It is said that in 2732 BC, Shen Nung, the second emperor of China was drinking a cup of hot water. Accidently some tea leaves blew into his cup of hot water. The emperor sipped the water seeped with tea leaves and the rest is history. By 400 AD Tea had become an important aspect of Chinese culture. The detailed recipes of Tea and methods to enhance its flavour by adding spices and citrus concentrates were documented. Chinese traditional physicians had discovered the health benefits of drinking tea and promoted its consumption. Gradually, as Chinese trade developed with other countries the culture of drinking tea also began to spread. Today Tea is the most widely consumed beverage all over the world next only to water. Tea is a health drink that boosts our immune system, prevents cancer and heart ailments, regulates cholesterol, combats harmful bacteria and viruses and suppresses appetite.
Tea plants are propagated from seeds or cuttings and it takes 3 years before a plant is ready for harvest. Only 1-2 inches of the top of a mature plant called flushes are plucked. New flushes appear every 7-15 days during growing season. Leaves that develop slowly always produce better flavor and taste. For the ease of plucking a Tea plant is pruned to waist height. Basically two varieties are popularly cultivated, the Chinese plant (C. sinensis sinensis) and the Assam variety (C. sinensis assamica).
Different Types of Tea
There are various types of Tea ranging from strong black Tea to the healthy green tea all originating from the same plant –Camellia Sinensis. They are differentiated on the basis of processing and geographical conditions of cultivation.
Black Tea: It is highly oxidized form of Tea. In the process of oxidation the water in the leaves is evaporated and the leaves absorb more oxygen. Black Tea is relatively stronger and has highest caffeine content.
Green Tea: Green Tea is the least oxidized Tea with caffeine content seldom exceeding 30%. It is known to possess several health benefits such as reduction in the risk of heart disease and prevents certain cancers.
Oolong Tea: Oolong Tea is the most popular Tea in China and is one of the finest and most expensive Tea in the world. The oxidation level of this Tea falls between Black Tea and Green Tea. Its flavor is less strong than Black Tea and stronger than the subtle Green Tea.
White Tea: White Tea is minimal oxidized just like Green Tea but is prepared from young buds. It has the most subtle flavor with a natural sweetness associated with it. It is known to possess better anti bacterial properties as compared to Green Tea.
Yellow Tea: Yellow Tea is processed in a fashion similar to Green Tea but with a slower drying phase which gives it a characteristic Yellow appearance. It smells very different from white Tea and Green Tea.
Post Fermented Tea (Pu-erh) : It is a type of Black Tea which has been oxidized twice and is therefore stronger than Black Tea. It is crimson in color and hence Chinese refer to this variety as Crimson Tea. Post Fermented Tea should not be confused with Black Tea.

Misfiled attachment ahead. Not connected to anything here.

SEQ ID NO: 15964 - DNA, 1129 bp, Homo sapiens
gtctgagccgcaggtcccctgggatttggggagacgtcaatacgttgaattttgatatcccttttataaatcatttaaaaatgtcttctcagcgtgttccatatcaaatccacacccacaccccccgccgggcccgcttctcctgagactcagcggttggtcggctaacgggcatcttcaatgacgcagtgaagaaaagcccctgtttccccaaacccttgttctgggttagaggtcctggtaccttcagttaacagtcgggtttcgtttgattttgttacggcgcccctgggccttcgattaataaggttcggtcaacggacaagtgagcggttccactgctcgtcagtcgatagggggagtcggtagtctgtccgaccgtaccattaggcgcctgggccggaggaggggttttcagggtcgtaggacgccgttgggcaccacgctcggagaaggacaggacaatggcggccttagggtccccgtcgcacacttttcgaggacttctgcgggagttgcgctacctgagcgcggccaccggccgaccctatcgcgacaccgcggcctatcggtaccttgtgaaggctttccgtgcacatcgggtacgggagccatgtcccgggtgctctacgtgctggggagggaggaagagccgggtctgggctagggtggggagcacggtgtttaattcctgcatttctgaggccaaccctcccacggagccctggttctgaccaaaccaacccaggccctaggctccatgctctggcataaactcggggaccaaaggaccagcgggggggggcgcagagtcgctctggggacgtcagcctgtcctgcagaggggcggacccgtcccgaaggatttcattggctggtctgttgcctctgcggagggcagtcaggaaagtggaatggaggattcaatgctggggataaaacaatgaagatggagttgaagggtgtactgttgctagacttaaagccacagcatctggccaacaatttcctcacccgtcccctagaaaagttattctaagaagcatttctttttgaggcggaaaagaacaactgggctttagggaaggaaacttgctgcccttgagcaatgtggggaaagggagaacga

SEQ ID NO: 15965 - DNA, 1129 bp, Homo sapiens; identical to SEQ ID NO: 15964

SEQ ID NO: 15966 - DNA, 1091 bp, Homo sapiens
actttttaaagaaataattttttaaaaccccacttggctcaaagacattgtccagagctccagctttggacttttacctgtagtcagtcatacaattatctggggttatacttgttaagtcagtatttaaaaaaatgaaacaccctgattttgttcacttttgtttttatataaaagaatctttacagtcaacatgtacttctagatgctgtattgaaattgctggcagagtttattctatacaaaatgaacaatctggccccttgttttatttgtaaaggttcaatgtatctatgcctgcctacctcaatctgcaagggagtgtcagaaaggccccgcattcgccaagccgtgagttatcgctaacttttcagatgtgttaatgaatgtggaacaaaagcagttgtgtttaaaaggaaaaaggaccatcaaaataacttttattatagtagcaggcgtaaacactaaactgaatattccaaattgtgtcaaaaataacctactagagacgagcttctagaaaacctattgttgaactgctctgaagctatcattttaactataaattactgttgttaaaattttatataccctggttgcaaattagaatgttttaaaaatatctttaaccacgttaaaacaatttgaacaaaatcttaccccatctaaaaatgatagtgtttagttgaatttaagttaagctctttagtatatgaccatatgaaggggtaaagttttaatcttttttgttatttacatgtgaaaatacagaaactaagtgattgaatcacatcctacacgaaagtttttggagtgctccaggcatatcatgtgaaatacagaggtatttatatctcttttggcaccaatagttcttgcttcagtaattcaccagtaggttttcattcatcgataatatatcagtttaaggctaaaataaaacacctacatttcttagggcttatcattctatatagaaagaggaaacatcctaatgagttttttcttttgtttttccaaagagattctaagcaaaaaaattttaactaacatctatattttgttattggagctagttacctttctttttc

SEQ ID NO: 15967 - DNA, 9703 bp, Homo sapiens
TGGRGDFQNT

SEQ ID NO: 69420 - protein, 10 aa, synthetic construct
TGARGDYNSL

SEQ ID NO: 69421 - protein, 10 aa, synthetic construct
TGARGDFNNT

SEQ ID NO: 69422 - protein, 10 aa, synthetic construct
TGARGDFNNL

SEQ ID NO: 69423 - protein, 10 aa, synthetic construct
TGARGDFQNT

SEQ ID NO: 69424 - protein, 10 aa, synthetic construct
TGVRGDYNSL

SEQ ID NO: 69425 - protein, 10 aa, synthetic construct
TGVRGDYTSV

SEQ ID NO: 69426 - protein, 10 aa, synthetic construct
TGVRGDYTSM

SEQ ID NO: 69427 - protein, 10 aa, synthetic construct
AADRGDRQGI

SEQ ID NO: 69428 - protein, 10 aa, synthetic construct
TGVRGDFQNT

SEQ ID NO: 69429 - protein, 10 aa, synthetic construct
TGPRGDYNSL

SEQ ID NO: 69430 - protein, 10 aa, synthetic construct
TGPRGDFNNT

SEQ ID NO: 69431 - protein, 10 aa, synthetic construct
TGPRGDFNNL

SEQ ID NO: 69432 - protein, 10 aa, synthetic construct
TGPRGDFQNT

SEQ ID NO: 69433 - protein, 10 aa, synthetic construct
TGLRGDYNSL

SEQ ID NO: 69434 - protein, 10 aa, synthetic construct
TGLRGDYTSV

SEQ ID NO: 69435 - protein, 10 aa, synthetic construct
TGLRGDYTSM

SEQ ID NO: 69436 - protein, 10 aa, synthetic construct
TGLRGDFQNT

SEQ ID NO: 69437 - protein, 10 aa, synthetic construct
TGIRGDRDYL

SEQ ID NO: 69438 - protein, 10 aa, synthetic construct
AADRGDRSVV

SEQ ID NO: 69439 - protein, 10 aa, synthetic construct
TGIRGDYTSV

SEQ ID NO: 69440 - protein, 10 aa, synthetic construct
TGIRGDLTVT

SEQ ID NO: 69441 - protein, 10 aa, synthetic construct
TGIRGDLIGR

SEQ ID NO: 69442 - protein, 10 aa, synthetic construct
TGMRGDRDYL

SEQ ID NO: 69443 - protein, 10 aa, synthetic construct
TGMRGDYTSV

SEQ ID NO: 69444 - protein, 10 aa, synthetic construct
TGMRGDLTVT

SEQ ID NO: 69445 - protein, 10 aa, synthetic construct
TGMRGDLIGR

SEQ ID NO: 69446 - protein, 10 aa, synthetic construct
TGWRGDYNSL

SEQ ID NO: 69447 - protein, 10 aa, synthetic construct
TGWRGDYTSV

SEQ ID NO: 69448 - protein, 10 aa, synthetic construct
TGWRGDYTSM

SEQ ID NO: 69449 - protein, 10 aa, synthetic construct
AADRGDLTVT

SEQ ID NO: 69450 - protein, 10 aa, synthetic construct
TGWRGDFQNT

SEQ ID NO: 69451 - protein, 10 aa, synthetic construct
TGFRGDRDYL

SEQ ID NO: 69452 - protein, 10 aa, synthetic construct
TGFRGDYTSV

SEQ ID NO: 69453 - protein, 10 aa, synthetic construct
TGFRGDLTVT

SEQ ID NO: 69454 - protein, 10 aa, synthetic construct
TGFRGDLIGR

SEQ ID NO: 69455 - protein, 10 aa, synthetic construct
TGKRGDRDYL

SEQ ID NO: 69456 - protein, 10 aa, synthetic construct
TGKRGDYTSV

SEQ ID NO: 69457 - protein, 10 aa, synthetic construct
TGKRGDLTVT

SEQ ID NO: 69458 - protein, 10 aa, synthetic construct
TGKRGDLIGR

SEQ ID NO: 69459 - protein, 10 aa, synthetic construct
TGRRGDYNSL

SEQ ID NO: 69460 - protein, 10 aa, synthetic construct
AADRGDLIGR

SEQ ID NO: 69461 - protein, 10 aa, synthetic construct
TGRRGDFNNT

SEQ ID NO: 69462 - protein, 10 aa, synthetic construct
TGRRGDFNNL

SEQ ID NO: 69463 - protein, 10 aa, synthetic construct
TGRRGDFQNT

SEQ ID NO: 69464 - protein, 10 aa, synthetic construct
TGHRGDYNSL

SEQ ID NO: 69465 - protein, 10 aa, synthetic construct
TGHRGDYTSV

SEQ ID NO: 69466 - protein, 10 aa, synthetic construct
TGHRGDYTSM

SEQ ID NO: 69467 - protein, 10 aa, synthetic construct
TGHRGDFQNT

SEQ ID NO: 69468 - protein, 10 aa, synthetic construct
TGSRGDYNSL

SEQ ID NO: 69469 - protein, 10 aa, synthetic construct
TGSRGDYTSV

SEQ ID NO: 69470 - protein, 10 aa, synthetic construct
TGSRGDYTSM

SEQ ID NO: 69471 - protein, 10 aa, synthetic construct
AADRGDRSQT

Nutritional value of Tea
Pure Tea without milk and sugar is devoid of calories. A cup of brewed Tea is a rich source of minerals such as magnesium, phosphorous, potassium, sodium fluoride and folate. Other nutrients present in Tea are vitamin C, thiamine, riboflavin and vitamin B6. Tea also contains potent oxidants such as catechins, polyphenols and flavonoids.
Side effects associated with over consumption of Tea
The adverse effects associated with excessive consumption of Tea are due to over dose and addiction of caffeine. In addition the intake of folate in large quantities may damage kidneys. Even excess fluoride can cause several health problems. Therefore Tea should be taken in moderation in order to enjoy its amazing health benefits and avoid the harmful side effects.
Health Benefits of Tea
Regular consumption of Tea keep helps in keeping us fit and healthy due to the following properties:
Powerful antioxidant: Tea contains antioxidants that scavenge free radicals and prevents their formation. Antioxidants help in purifying our body by removing toxins thereby protecting us from pollutants.
Anti-cancer: The polyphenols present in Tea are known to possess anti-cancer properties. Green Tea contains anti-oxidant epigallocatechin gallate, that prevents various types of cancers such as lung, breast, prostate, ovarian, stomach, colon etc.
Prevention of heart disease: 3-4 cups of Tea supplies sufficient flavonoids, that decrease lipid oxidation thereby reducing the chances of stroke and other cardiovascular diseases. Tea helps in keeping our blood vessels clear ensuring smooth and unrestricted blood flow.
Improved Immune system: Consumption of Tea regularly builds body’s resistance to infections. By inhibiting free radicals it strengthens the immune system providing protection against infection.
Dental Health: The fluorides and Tannins present in Tea help to keep plaque at bay. The anti bacterial properties of Tea reduce the incidence of tooth and gum decay. Addition of sugar to Tea is harmful to teeth and hence adding honey to our cup of Tea is a healthier alternative.